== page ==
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Sun, May 26

Column: 'Financial mythbusters' could save economy

If the commodity at the core of grain markets is grain, and of oil markets is oil, what is at the core of the financial markets? Information. It is an information system, and it is essential that it be accurate or all kinds of bad things happen.

This is an extension of a concept from Hernando de Soto, an economist from Peru. He wrote a widely praised book that explained a reason why some economies haven't developed. They don't have an infrastructure of laws and records. So although everyone may know that Juan's family has owned 20 acres in a given spot for generations, he can't prove that. So he can't sell it and buy better land, or take a loan against it to invest in improvements, or stop the government from selling it to outsiders because "no one owns it."

So while producing goods and value is the heart of a developed economy, it couldn't do much with them if it didn't have this system of records - public and verifiable records on stocks, deeds, contracts, patents, corporate reports, titles to land and buildings, etc. Those verifiable, public records allow investors to understand value and risks and invest in efficient ways that produce more value.

That's important because a well operating financial market is what allocates capital effectively. The very kinds of speculation that crashed the economy, when they're done right and responsibly, and without lies, are great for market efficiency. Hedges against failure can help producers smooth out the highs and lows of their market. Investors can decide some company is overvalued and bet against it and put pressure on the market to bring its value into line with reality. A company that's poorly run can become vulnerable to take-over and its value better used by new management. Done right the market is good at using capital.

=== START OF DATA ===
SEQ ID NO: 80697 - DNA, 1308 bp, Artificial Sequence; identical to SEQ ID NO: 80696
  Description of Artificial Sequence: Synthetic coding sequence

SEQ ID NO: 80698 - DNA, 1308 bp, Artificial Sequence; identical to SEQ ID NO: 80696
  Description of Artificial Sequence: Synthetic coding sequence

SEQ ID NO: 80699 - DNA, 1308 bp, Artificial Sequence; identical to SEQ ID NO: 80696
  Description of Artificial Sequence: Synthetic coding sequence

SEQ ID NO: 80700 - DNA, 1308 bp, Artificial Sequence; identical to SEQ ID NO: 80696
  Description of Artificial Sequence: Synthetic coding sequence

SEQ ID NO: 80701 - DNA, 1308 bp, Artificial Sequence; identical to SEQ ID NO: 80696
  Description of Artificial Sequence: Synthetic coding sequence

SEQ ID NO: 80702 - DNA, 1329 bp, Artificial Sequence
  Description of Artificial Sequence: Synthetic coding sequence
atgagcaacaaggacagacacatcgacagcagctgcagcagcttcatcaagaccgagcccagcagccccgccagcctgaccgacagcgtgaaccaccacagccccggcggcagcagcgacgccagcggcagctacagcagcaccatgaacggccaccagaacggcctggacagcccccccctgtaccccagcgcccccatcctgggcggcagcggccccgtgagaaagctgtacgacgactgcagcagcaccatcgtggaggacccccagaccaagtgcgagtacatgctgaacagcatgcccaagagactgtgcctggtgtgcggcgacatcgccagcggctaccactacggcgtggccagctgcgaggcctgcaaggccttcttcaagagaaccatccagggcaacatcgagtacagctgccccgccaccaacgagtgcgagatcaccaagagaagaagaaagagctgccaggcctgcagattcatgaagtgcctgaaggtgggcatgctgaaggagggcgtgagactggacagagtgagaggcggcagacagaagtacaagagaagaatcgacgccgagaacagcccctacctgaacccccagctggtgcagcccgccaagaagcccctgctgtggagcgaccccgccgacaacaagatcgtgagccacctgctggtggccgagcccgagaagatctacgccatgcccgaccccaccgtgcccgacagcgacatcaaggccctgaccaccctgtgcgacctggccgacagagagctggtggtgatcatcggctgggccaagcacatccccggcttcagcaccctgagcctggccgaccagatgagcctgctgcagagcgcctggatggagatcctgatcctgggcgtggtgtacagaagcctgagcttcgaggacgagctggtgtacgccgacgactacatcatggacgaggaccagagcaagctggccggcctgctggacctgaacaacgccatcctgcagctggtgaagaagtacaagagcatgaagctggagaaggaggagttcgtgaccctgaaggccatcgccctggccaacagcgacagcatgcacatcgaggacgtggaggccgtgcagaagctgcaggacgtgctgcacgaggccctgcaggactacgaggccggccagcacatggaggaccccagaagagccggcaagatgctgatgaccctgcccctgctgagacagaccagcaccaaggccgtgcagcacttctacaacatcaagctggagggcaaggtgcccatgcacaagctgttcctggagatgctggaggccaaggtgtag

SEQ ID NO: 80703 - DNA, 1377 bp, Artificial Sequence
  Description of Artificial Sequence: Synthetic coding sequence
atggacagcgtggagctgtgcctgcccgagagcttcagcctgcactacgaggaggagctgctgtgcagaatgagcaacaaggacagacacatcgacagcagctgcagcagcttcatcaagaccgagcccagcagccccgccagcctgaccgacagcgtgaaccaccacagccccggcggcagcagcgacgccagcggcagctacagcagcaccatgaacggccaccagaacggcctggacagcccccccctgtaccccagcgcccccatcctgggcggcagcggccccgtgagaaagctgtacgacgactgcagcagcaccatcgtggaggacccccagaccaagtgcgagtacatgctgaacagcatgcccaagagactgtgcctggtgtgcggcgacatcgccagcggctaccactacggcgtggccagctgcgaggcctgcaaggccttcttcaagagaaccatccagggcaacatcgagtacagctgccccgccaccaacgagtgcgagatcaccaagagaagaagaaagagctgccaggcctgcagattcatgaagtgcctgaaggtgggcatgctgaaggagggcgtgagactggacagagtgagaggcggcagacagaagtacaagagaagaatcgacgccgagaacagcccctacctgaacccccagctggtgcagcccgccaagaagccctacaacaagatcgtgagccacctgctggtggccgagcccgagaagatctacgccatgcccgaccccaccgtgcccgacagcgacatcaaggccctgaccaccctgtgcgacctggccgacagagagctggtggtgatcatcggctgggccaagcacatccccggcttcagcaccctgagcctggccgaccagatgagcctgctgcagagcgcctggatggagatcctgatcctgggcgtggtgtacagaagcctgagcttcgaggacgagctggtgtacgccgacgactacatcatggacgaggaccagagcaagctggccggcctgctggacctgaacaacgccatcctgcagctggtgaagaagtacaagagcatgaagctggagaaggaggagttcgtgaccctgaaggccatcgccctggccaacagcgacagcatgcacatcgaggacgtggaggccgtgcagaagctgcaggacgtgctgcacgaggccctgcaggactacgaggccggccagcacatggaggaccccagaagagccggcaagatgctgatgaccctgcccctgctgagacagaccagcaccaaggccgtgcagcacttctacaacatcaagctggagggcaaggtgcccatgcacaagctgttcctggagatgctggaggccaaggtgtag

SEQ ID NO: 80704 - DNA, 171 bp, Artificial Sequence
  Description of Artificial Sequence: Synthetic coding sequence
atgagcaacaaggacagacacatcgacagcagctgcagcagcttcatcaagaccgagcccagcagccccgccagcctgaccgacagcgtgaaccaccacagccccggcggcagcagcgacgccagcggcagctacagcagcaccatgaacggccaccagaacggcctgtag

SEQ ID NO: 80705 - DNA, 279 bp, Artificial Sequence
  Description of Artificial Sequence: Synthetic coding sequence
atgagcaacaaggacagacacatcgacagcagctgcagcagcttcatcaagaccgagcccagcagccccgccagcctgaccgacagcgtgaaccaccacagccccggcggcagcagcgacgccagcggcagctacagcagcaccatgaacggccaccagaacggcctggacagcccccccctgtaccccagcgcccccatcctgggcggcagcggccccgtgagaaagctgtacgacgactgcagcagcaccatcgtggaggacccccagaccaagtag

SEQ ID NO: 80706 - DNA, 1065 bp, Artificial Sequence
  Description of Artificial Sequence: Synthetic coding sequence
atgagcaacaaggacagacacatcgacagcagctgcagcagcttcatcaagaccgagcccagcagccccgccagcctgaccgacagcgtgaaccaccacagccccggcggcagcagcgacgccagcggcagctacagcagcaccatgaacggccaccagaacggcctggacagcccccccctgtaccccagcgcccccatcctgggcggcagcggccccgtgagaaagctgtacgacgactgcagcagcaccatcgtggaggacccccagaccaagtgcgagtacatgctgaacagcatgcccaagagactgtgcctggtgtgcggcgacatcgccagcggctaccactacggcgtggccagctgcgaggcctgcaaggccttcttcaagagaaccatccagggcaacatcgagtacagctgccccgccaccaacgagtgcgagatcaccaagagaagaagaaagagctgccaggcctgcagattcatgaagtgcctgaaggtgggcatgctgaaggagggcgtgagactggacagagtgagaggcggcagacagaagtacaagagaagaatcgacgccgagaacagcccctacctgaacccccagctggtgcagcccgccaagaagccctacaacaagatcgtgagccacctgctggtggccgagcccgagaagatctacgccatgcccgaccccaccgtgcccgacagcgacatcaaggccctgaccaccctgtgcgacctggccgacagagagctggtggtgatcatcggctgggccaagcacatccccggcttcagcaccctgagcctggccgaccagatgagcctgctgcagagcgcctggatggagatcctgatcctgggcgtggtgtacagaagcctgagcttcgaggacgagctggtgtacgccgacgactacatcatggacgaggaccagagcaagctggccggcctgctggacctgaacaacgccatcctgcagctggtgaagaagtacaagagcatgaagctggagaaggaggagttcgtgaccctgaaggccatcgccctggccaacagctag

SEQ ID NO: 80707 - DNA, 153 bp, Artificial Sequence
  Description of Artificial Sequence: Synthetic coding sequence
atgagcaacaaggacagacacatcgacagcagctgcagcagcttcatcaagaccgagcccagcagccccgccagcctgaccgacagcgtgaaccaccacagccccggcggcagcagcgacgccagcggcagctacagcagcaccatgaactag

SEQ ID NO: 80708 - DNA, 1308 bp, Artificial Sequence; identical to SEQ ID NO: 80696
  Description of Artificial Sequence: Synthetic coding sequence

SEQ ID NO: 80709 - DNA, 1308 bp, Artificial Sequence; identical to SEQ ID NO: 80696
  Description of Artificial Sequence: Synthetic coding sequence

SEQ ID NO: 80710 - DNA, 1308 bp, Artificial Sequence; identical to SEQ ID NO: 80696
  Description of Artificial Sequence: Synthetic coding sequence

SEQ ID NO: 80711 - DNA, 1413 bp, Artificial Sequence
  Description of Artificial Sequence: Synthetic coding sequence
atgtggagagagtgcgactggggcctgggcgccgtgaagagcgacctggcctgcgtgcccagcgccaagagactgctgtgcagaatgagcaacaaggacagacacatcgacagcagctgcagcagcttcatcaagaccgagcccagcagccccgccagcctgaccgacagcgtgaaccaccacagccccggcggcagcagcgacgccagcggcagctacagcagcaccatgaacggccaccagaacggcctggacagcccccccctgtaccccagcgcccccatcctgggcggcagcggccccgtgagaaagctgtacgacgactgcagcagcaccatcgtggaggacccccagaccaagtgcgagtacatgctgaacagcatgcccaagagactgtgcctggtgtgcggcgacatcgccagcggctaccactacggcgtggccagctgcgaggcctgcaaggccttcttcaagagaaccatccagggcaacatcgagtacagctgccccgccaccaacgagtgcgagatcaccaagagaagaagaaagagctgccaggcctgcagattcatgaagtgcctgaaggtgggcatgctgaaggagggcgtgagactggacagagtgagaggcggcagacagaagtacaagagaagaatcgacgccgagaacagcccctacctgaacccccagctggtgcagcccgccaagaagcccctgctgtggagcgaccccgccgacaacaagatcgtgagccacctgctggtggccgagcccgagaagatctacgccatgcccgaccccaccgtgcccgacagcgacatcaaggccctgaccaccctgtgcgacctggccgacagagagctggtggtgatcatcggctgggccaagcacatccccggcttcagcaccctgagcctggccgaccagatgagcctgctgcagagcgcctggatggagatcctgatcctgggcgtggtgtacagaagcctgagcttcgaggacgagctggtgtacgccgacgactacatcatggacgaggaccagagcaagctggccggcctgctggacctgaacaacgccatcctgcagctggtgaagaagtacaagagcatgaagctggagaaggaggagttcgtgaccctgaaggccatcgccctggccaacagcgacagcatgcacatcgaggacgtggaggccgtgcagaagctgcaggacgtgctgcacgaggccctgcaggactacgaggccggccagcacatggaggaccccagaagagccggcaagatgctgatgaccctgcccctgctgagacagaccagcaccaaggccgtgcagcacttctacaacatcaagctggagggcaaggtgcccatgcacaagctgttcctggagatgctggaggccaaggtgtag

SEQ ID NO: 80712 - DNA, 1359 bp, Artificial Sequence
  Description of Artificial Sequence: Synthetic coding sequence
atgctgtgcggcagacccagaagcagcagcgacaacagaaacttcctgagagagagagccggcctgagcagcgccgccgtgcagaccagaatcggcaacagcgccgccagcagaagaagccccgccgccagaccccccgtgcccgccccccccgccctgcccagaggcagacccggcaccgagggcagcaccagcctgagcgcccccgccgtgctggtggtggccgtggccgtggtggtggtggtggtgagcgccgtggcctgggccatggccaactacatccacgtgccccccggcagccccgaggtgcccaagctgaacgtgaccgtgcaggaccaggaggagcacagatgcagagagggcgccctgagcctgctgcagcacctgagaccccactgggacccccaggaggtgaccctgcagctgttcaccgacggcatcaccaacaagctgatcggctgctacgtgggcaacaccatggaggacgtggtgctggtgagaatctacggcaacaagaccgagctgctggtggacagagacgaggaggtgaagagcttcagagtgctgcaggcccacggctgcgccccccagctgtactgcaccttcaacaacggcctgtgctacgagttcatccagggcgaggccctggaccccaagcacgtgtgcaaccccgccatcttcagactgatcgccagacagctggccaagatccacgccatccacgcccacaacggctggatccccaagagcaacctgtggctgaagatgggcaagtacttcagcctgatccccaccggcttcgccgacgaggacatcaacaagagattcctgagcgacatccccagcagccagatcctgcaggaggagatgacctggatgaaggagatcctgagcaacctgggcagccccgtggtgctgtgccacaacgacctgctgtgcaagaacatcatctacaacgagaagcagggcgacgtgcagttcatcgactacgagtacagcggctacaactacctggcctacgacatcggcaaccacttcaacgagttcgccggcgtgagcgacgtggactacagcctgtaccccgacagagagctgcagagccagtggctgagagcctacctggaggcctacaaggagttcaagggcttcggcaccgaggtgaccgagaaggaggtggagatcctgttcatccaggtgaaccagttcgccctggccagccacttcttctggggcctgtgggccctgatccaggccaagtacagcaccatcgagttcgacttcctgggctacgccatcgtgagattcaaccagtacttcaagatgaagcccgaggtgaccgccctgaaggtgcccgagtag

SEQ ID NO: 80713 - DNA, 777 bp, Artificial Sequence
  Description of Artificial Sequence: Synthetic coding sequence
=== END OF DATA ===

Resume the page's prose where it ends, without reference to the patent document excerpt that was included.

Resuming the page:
De Soto recently expanded his idea in an article in Bloomberg Businessweek to bemoan the flip side: the damage that is done when what had been a good system of records gets corrupted. And that this is exactly what most leading financial outfits have been working very hard and very cleverly at for the last couple of decades, corrupting that system of records. They did this so they could hide the real value, or lack of it, of complex investments - so they could sell a progressively higher mix of dross as gold.

They started with foreign currency exchange deals that were purposely complex and seemed to be more likely to pay off than they were, or seemed to pay more than they would. At first, high-end investors were not used to major financial banks selling them junk, because traditionally these banks were investing in the same things, and their wealth came from helping their clients do well. Much as old-fashioned homebuyers would never have expected a bank to push a mortgage they couldn't handle because traditionally the banks would lose money if they didn't pay. The financial players managed to change the rules so the old assumptions didn't hold. Banks started pushing mortgages they knew borrowers didn't qualify for, and they sold investments they knew were no good. At least no good to their suckers ... uh, investors.

They ramped this game up, getting ever better at it - hiding the risk of what an investment was based on, like bad mortgages; getting rating houses to give inflated ratings; claiming the investment was insured when the insurers, like AIG, didn't have the funds to insure it.

I'm sure there are ways the financial markets need to be regulated, but mostly what they need is getting the investors accurate information. Regulators need to think of our financial system as an information system, and accurate information as almost sacred.

One way they could do that is to be sort of a team of financial mythbusters, or fact-checkers. Investors, even sophisticated ones, often can't know all the underlying data, whether some far-flung, complex corporation is being truthful in reports that define its value (remember Enron?), whether an investment insurer can really deliver. Regulators could watch for what new kinds of investments are becoming popular, or what companies are gaining value, use their regulatory power to require the underlying documents, apply that small army of accountants no one else has, and report how true the information is. That way some bubbles could be popped, and some lies exposed, when they're small.

Otherwise we slide backward, closer to those countries who can't thrive because they don't have a sound information system.

Tom Cantlon is a longtime local resident, business owner and writer. Contact him at


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